The Long Road to Faith in Christ

The Billy Graham Evangelistic Association of Canada recently launched an Internet-based initiative designed to gather stories of people who came to faith in Jesus Christ through our ministry. This is one of those stories.

Chuck Harper’s journey to faith in Jesus has been a winding and bumpy path.

The odds were stacked against Chuck from an early age. As a transient ‘Army brat,’ he had a tumultuous home life in New Brunswick.

“I was always the new kid on the block,” he says. “And the new kid on the block often gets picked on, so you learn to toughen up.”

Chuck faced hard times with kids at school and even harder times when he came home each day to his unpredictable and volatile father.

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“I have lots of memories of being beaten up, and my mom being beaten up,” he says. “I’d go to school with black eyes and fat lips and sometimes would miss school altogether.”

After years of physical and mental abuse from her alcoholic husband, Chuck’s mom had had enough.

“It got really bad at the end,” Chuck recalls. “My mom grabbed me, my six-week-old brother, and my younger sister and we hopped a train to B.C.”

While she was hoping to leave abuse behind, a few years later his mother faced a new abuser. By the time Chuck was 16, he had begun to drink and was often violent with his mom and siblings.

As bad as this period was—with Chuck even being kicked out of his family’s home for a time—he also had brushes with Christianity.

In B.C., Chuck, his siblings and their mom lived beside a church, and the pastor took on a fatherly role in Chuck’s life, even leading him to commit his life to Christ.

“I made a profession of faith, but I didn’t really know what I was doing,” he says. “I’d go to church on Sunday and then cause trouble the rest of the week.”

Stewart Wright had met Chuck at Bible camp when they were both about 13. Chuck was fun-loving and unpredictable. He often felt like he had to live down the reputation of his home, and he did so by impressing people—even though that sometimes meant making bad choices.

“I made a profession of faith, but I didn’t really know what I was doing,” he says. “I’d go to church on Sunday and then cause trouble the rest of the week.”

“I don’t think he ever stopped to think about the consequences,” Stewart says. “That was definitely the attraction though—he was fun to be around because he was always doing something.”

When Chuck was about 18, his father started writing to him. The relationship that had been so scarring and damaging began to mend. Chuck even returned to Ontario to live with his dad. But the elder Harper was still battling alcoholism, and Chuck, too, seemed to be heading down that path. At one point, to pay off a phone bill, he even robbed the gas station where he worked. He was charged, given three days probation, and told by police to leave the town.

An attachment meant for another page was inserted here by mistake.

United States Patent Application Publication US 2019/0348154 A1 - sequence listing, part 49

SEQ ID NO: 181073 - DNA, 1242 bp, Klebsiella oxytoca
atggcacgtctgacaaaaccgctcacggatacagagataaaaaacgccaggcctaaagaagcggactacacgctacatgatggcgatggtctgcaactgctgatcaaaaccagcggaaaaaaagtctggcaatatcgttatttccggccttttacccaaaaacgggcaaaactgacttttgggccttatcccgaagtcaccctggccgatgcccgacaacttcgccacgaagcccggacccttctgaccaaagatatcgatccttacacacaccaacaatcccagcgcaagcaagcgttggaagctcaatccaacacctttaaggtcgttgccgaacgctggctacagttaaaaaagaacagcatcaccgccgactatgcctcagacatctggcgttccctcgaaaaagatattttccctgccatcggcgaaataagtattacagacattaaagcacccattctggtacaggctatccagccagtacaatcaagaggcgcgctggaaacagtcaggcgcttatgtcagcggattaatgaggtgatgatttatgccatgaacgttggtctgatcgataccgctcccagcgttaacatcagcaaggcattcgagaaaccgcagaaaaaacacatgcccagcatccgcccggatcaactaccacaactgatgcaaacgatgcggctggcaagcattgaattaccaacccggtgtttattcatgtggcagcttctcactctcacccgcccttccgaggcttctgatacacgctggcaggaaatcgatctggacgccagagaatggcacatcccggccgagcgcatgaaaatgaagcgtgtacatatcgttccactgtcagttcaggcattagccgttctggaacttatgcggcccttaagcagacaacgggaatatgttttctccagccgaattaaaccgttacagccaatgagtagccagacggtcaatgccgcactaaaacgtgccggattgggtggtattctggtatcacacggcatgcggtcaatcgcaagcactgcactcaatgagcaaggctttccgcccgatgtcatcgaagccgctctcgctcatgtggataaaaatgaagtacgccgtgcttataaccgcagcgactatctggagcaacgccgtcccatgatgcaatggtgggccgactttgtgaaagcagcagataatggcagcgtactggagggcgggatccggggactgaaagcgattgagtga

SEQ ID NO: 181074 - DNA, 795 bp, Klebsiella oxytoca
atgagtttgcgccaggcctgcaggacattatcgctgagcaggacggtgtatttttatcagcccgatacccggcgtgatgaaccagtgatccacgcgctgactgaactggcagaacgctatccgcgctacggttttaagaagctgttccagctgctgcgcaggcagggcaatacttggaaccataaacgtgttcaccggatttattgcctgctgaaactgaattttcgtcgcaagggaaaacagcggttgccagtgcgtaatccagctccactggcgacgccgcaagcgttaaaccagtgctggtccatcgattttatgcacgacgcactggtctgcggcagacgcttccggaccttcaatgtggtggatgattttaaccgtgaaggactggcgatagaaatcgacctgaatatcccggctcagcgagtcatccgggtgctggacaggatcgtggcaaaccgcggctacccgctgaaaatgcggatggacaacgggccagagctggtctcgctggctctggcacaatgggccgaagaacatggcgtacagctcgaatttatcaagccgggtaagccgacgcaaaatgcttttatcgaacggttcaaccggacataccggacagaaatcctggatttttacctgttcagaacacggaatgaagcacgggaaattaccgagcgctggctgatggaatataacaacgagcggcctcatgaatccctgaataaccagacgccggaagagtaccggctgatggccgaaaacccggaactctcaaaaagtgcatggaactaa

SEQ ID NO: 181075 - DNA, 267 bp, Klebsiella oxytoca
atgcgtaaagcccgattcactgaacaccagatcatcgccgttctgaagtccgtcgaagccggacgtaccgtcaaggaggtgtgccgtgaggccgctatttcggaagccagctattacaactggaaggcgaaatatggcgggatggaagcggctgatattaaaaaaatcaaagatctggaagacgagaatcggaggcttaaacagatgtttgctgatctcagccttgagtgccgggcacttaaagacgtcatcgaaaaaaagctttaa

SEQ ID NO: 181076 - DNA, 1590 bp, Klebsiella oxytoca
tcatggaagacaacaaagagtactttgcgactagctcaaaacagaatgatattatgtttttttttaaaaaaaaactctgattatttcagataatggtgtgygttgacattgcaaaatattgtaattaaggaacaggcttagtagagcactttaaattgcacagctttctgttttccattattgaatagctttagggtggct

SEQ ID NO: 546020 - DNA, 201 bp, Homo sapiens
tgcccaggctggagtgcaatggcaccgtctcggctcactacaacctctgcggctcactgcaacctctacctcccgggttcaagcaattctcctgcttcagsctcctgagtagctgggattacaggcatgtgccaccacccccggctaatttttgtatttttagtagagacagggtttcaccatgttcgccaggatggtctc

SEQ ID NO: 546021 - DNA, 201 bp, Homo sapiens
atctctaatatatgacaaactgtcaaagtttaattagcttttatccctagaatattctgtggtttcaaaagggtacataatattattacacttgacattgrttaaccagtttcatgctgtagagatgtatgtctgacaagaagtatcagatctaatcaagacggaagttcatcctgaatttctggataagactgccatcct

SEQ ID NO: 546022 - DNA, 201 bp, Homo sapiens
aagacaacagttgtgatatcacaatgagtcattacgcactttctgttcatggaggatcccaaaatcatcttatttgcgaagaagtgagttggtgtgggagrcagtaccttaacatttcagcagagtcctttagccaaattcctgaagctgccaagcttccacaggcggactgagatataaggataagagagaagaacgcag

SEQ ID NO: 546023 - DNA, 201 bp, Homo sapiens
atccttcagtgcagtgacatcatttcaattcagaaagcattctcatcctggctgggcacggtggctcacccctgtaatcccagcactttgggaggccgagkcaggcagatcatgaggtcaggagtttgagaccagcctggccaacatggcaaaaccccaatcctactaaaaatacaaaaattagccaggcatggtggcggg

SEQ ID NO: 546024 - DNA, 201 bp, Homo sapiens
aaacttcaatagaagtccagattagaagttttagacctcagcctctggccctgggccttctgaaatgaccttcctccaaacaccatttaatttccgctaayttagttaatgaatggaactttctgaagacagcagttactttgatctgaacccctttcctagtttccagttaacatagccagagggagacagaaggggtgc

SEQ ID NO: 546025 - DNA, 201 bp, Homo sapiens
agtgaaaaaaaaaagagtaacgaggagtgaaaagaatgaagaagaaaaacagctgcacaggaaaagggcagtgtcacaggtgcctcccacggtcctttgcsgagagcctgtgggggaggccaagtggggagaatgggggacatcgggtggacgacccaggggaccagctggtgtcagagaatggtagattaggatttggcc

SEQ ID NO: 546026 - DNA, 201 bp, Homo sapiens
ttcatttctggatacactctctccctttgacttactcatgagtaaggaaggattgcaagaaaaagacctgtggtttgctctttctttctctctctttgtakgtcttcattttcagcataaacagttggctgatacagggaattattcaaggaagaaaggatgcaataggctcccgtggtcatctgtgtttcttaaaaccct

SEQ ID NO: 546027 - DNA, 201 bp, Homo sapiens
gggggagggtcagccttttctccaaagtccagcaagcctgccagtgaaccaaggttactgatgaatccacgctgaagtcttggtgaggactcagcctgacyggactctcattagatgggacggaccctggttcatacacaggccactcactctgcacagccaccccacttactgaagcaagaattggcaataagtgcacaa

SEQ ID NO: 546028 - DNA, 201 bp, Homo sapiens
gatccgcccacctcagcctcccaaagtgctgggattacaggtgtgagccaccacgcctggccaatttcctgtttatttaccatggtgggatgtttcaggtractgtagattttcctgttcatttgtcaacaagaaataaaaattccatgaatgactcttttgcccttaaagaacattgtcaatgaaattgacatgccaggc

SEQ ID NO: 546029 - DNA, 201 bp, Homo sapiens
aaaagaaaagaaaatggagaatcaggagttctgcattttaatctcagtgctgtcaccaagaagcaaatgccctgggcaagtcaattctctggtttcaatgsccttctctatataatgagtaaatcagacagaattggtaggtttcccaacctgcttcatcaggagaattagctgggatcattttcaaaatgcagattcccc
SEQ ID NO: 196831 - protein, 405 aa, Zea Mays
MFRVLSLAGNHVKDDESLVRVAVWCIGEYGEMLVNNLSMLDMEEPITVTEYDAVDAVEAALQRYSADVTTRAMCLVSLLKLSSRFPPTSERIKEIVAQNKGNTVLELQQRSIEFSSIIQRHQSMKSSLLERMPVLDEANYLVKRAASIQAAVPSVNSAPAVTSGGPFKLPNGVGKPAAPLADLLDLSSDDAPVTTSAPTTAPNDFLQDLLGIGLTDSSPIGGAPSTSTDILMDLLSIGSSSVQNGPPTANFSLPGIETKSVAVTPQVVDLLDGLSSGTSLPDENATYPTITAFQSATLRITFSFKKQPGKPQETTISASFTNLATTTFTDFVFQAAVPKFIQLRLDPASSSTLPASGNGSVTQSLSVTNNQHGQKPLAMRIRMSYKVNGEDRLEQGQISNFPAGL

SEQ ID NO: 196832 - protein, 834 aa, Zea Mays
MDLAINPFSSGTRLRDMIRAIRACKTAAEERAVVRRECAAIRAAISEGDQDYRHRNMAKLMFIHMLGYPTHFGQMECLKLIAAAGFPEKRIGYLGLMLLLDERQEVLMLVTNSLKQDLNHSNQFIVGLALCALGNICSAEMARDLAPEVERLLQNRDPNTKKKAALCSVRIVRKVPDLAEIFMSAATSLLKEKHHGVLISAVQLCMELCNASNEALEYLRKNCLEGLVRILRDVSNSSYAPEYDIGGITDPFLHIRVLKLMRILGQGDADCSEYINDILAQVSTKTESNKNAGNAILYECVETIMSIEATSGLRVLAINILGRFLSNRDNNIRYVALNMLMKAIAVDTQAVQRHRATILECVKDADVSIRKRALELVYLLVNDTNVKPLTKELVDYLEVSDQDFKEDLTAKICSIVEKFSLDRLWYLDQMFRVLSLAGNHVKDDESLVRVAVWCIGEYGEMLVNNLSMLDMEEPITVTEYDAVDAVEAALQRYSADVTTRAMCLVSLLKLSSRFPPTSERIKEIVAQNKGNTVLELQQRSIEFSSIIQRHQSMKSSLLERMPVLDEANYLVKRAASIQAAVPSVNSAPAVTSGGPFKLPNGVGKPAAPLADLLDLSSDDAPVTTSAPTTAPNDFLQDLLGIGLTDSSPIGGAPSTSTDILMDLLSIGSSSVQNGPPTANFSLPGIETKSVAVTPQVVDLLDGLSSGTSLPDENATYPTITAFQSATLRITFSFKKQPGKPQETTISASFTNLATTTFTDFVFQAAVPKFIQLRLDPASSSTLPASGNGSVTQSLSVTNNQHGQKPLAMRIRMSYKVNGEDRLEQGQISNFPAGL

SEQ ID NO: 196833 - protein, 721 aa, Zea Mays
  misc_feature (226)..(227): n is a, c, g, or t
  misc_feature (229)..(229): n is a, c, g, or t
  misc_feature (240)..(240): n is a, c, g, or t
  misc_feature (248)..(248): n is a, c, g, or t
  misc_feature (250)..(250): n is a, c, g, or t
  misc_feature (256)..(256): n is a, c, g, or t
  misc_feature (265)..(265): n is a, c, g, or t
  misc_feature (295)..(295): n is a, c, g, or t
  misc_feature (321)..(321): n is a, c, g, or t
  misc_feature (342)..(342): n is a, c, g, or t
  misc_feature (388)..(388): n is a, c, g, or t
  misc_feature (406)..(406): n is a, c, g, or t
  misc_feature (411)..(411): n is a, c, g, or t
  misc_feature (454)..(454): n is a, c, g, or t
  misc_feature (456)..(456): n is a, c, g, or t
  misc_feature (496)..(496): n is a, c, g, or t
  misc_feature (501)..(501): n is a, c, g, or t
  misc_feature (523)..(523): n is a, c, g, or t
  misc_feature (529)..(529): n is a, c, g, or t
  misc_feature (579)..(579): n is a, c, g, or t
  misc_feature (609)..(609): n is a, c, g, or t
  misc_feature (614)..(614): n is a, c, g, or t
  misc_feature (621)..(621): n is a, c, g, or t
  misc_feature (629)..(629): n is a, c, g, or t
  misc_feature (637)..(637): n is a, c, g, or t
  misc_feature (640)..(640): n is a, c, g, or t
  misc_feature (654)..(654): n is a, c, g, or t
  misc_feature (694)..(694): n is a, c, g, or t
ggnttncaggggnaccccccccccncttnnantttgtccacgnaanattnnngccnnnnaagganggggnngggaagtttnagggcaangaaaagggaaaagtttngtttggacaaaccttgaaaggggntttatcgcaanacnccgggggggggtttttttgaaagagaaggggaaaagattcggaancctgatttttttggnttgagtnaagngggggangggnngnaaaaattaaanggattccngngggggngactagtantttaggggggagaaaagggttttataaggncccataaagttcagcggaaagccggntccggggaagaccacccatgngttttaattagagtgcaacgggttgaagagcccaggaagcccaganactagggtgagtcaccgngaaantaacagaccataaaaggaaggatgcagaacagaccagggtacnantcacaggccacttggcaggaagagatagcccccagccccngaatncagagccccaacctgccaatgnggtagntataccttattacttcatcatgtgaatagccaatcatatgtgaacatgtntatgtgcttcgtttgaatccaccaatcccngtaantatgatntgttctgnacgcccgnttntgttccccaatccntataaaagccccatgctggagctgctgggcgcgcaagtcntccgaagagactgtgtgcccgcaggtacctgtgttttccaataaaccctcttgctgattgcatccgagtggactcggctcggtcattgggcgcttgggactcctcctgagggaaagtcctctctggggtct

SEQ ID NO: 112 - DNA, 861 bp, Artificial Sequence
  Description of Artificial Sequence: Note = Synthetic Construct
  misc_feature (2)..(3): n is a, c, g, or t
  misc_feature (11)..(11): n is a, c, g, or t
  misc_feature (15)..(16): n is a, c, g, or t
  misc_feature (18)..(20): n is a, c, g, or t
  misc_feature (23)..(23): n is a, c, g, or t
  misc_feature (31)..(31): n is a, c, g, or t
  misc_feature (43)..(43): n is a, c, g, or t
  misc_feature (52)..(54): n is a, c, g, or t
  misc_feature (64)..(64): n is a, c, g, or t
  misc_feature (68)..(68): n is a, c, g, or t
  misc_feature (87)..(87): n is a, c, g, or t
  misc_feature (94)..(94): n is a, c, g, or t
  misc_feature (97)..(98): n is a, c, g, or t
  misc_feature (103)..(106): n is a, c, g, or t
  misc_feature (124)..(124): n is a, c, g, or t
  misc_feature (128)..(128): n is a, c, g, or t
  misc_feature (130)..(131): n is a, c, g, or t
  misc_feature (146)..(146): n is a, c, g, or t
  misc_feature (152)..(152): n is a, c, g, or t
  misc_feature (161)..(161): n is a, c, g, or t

The years that followed became even more tumultuous. Chuck’s girlfriend, who would become his first wife, became pregnant and the couple moved to Calgary, where Chuck took a job as a cab driver. But by the time they were expecting their second child, Chuck’s lifestyle of drinking, partying, and promiscuity had led to the breakdown of his marriage.

Stewart recalls that this was a period when his fun-loving friend became a stranger.

“He was not a good husband, and that was very frustrating to see,” Stewart says. “The lies were rampant.”

Chuck recognized more than ever that he needed to rebuild his relationship with God. But the rebuilding got off to a bumpy start.

“In a drunken stupor, I realized once again that I needed to get my life right with God,” he recalls of one specific night in his early 20s.

Thankfully, Chuck had a pastor friend he had met years before who had helped him through tough times when he first moved to Calgary. This pastor was part of a church group that ran the Burning Bush, which was established to meet the physical needs of people in Calgary’s downtown core.

Harper began volunteering at the Burning Bush and even led Bible studies.

The core group from the Burning Bush, including Harper, would go on to launch the Mustard Seed, which started with humble beginnings as a street ministry in Calgary’s downtown.

The Mustard Seed has become a powerful voice for the homeless, offering innovative programs and services at its downtown and shelter locations.

By this point, Chuck knew he wanted to be in full-time ministry, and his first opportunity came when he started working full time with Youth for Christ in Calgary. That’s when he was introduced to the Billy Graham Evangelistic Association.

Chuck took evangelism training through BGEA, and in his zeal to give Christ his all, he again rededicated his life to the Lord during a 1981 Billy Graham Crusade in Calgary.

“It took God to do some work, but that work took hold, and I’ve been living for the Lord ever since.”

Chuck Harper 300

“It took God to do some work, but that work took hold, and I’ve been living for the Lord ever since.” -Chuck Harper

Today, Chuck and his second wife, Cindy, have been married for 35 years. Chuck continues to do ministry with the homeless in Vernon, B.C. Last year, he spearheaded development of a memorial to the 14 homeless people who had died in that community in 2014.

Chuck started Vernon’s community chaplaincy program and works full time as a residential worker at the John Howard Society. He says street ministry has ‘been in his DNA’ since his early days at the Burning Bush and the Mustard Seed.

“It’s not a job I do, it’s a life that I live,” he says. “I get to serve Jesus and serve people.” ©2015 BGEA

Tell us your story of how you came to Christ through a BGEA initiative and we might share it—with your permission—on our website and in Decision magazine. Just visit, type out some basics, provide your contact information, and send it to us.